Wharton Pension Research Council Working Papers
 

Document Type

Working Paper

Date of this Version

9-1-2000

Abstract

This paper evaluates potential responses to reductions in early Social Security retirement benefits. Using the Health and Retirement Study (HRS) linked to administrative records, we find that Social Security coverage is quite uneven in the older population: one-quarter of respondents in their late 50’s lacks coverage under the Disability Insurance program, and one-fifth lacks coverage for old-age benefits. Among those eligible for benefits, respondents who subsequently retired early appear quite similar initially to those who later filed for normal retirement benefits, but both groups were healthier and better educated than those who later filed for disability benefits. Next we investigate the potential impact of curtailing, and then eliminating, early Social Security benefits. A life-cycle model of retirement behavior provides estimated parameters used to simulate the effects of cutting early Social Security benefits on retirement pathways. We find that cutting early Social Security benefits would boost the probability of normal retirement by twice as much as it would the probability of disability retirement.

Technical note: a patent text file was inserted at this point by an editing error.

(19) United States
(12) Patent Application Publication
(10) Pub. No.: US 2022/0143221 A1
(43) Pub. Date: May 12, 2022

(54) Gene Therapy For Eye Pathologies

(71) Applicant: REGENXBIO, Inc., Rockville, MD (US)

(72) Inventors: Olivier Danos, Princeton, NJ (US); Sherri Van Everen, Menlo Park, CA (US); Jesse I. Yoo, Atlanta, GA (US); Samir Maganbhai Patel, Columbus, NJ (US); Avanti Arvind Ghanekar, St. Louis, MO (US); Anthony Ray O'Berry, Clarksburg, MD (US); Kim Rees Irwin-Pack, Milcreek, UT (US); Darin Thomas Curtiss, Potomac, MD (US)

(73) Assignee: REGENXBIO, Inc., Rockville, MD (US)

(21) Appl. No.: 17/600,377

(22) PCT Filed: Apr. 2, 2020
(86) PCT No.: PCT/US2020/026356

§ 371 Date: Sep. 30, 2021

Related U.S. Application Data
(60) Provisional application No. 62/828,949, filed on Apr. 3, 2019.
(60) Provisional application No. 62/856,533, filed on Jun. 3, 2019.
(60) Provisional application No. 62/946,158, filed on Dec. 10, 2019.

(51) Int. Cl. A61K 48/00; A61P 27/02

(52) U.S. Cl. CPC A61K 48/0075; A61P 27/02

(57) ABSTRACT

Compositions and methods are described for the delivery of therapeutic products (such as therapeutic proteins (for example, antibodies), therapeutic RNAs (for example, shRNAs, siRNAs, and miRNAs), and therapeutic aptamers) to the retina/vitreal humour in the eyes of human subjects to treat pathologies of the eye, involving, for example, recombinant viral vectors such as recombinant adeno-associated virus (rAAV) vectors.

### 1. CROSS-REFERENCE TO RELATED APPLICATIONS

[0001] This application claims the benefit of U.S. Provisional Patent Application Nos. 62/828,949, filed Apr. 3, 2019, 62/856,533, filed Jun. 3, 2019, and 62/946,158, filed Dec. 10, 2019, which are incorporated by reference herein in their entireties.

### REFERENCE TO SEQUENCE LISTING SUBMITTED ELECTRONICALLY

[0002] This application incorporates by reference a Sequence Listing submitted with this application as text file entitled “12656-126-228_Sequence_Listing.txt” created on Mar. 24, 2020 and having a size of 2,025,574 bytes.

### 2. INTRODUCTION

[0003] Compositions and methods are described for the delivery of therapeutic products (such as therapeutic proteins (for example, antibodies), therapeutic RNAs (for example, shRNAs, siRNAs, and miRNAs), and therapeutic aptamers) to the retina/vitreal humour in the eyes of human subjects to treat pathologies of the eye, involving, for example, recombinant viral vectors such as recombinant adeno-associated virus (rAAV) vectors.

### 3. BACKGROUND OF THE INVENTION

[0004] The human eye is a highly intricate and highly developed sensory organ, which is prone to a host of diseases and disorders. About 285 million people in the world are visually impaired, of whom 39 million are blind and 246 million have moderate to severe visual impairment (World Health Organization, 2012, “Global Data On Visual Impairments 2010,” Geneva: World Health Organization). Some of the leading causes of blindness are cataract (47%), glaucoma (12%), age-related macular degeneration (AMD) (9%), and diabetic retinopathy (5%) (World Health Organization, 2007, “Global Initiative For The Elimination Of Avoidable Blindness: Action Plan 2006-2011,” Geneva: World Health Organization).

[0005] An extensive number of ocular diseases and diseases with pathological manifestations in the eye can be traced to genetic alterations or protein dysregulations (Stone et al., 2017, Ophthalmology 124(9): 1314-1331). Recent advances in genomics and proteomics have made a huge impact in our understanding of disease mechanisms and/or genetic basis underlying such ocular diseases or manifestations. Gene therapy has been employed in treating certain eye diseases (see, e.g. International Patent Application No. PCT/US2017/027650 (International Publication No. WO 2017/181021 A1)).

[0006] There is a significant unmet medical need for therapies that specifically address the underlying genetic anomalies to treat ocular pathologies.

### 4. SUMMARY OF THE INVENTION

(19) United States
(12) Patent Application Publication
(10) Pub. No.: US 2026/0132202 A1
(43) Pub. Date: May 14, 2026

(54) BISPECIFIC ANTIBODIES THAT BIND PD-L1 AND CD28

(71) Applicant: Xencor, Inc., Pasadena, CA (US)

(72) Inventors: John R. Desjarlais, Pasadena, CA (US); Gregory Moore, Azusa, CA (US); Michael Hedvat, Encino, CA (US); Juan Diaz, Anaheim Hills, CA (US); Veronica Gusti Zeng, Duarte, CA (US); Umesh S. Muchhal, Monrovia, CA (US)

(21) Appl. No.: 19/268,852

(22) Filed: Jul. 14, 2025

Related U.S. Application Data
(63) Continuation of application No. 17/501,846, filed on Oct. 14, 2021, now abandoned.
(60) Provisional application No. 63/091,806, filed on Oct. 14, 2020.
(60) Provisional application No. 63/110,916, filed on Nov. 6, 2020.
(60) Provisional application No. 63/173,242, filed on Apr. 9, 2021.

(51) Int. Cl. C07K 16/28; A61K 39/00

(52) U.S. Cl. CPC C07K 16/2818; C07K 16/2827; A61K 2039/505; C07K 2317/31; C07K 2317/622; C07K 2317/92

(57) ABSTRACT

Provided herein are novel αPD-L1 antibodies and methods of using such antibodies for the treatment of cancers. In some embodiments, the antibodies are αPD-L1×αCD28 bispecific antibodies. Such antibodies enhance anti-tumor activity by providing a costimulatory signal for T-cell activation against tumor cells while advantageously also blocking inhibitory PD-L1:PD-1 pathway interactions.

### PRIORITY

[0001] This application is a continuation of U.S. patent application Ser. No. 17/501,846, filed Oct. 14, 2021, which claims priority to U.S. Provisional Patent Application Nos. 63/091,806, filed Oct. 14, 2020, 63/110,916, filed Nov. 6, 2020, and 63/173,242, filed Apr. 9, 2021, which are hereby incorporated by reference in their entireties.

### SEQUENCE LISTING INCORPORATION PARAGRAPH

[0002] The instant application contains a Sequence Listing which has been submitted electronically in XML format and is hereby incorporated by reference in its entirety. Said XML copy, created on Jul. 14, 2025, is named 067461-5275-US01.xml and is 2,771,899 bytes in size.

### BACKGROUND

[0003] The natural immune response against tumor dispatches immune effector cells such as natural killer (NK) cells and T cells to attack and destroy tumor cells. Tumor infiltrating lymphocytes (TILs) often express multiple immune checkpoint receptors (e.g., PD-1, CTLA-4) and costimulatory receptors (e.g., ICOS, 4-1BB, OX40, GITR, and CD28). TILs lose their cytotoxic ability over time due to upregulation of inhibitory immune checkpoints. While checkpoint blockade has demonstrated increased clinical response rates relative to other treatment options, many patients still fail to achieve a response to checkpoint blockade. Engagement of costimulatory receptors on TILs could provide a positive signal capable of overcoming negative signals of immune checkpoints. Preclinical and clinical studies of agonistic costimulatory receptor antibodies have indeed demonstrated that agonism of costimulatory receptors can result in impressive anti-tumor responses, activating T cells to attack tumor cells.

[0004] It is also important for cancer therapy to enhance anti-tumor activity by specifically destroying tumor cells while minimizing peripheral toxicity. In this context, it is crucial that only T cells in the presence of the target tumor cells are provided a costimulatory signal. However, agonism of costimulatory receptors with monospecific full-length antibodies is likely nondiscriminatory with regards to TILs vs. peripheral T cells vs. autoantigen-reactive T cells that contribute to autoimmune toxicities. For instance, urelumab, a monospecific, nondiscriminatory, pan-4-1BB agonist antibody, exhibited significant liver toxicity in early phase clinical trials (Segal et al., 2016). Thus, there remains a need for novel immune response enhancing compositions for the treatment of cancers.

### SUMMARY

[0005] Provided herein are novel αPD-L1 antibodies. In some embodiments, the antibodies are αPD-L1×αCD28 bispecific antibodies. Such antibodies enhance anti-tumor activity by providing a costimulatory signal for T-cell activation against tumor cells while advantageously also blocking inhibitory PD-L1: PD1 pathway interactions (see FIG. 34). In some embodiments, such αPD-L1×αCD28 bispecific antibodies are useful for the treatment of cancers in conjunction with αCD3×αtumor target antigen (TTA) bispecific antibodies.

Working Paper Number

WP2001-01

Copyright/Permission Statement

©2001 Pension Research Council of the Wharton School of the University of Pennsylvania. All Rights Reserved.

Acknowledgements

This research was conducted with support from the Michigan Retirement Research Center at the University of Michigan, the Population Aging Research Center at the University of Pennsylvania (Mitchell and Phillips), and the Pension Research Council at the Wharton School (Mitchell). Fine research assistance was provided by David McCarthy and Dan Silverman, and very helpful computational assistance by Mike Nolte. Useful comments were provided by Courtney Coile, John Gruber, Howard Iams, and Kalman Rupp. This research is part of the NBER programs on Aging and Labor Economics.

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Date Posted: 13 September 2019